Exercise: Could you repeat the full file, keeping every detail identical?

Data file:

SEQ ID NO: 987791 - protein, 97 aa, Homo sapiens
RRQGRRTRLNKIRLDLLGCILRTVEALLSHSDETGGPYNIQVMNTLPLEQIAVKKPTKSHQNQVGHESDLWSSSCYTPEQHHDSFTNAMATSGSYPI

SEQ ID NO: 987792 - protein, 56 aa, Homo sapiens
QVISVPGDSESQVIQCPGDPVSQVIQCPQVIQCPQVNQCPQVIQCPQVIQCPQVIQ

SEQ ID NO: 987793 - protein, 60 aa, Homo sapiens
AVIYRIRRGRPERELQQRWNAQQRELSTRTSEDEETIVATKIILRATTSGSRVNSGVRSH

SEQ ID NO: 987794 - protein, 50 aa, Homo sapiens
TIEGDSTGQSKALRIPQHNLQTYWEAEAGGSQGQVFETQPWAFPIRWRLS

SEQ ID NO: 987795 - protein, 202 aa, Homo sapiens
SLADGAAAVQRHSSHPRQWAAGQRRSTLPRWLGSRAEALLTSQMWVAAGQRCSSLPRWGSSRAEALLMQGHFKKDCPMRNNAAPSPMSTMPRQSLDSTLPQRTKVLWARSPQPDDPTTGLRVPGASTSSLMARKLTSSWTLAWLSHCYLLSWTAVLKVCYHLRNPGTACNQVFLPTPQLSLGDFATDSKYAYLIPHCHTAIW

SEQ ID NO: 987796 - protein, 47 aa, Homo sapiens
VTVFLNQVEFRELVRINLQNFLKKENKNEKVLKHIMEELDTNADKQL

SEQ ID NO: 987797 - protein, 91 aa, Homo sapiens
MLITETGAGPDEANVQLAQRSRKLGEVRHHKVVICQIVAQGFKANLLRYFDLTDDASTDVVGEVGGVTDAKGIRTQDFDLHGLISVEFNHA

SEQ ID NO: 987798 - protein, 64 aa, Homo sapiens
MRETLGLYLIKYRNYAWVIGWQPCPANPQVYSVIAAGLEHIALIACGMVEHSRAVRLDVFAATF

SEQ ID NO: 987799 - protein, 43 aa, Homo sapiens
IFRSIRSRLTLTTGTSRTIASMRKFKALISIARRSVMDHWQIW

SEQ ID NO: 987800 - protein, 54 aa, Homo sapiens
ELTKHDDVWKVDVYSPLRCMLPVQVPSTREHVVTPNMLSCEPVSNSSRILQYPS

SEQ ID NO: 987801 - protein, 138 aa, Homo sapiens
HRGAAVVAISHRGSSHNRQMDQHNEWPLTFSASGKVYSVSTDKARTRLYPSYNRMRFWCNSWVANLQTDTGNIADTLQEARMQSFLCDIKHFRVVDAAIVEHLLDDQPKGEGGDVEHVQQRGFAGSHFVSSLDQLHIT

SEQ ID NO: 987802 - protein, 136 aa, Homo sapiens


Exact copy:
SEQ ID NO: 987791 - protein, 97 aa, Homo sapiens
RRQGRRTRLNKIRLDLLGCILRTVEALLSHSDETGGPYNIQVMNTLPLEQIAVKKPTKSHQNQVGHESDLWSSSCYTPEQHHDSFTNAMATSGSYPI

SEQ ID NO: 987792 - protein, 56 aa, Homo sapiens
QVISVPGDSESQVIQCPGDPVSQVIQCPQVIQCPQVNQCPQVIQCPQVIQCPQVIQ

SEQ ID NO: 987793 - protein, 60 aa, Homo sapiens
AVIYRIRRGRPERELQQRWNAQQRELSTRTSEDEETIVATKIILRATTSGSRVNSGVRSH

SEQ ID NO: 987794 - protein, 50 aa, Homo sapiens
TIEGDSTGQSKALRIPQHNLQTYWEAEAGGSQGQVFETQPWAFPIRWRLS

SEQ ID NO: 987795 - protein, 202 aa, Homo sapiens
SLADGAAAVQRHSSHPRQWAAGQRRSTLPRWLGSRAEALLTSQMWVAAGQRCSSLPRWGSSRAEALLMQGHFKKDCPMRNNAAPSPMSTMPRQSLDSTLPQRTKVLWARSPQPDDPTTGLRVPGASTSSLMARKLTSSWTLAWLSHCYLLSWTAVLKVCYHLRNPGTACNQVFLPTPQLSLGDFATDSKYAYLIPHCHTAIW

SEQ ID NO: 987796 - protein, 47 aa, Homo sapiens
VTVFLNQVEFRELVRINLQNFLKKENKNEKVLKHIMEELDTNADKQL

SEQ ID NO: 987797 - protein, 91 aa, Homo sapiens
MLITETGAGPDEANVQLAQRSRKLGEVRHHKVVICQIVAQGFKANLLRYFDLTDDASTDVVGEVGGVTDAKGIRTQDFDLHGLISVEFNHA

SEQ ID NO: 987798 - protein, 64 aa, Homo sapiens
MRETLGLYLIKYRNYAWVIGWQPCPANPQVYSVIAAGLEHIALIACGMVEHSRAVRLDVFAATF

SEQ ID NO: 987799 - protein, 43 aa, Homo sapiens
IFRSIRSRLTLTTGTSRTIASMRKFKALISIARRSVMDHWQIW

SEQ ID NO: 987800 - protein, 54 aa, Homo sapiens
ELTKHDDVWKVDVYSPLRCMLPVQVPSTREHVVTPNMLSCEPVSNSSRILQYPS

SEQ ID NO: 987801 - protein, 138 aa, Homo sapiens
HRGAAVVAISHRGSSHNRQMDQHNEWPLTFSASGKVYSVSTDKARTRLYPSYNRMRFWCNSWVANLQTDTGNIADTLQEARMQSFLCDIKHFRVVDAAIVEHLLDDQPKGEGGDVEHVQQRGFAGSHFVSSLDQLHIT

SEQ ID NO: 987802 - protein, 136 aa, Homo sapiens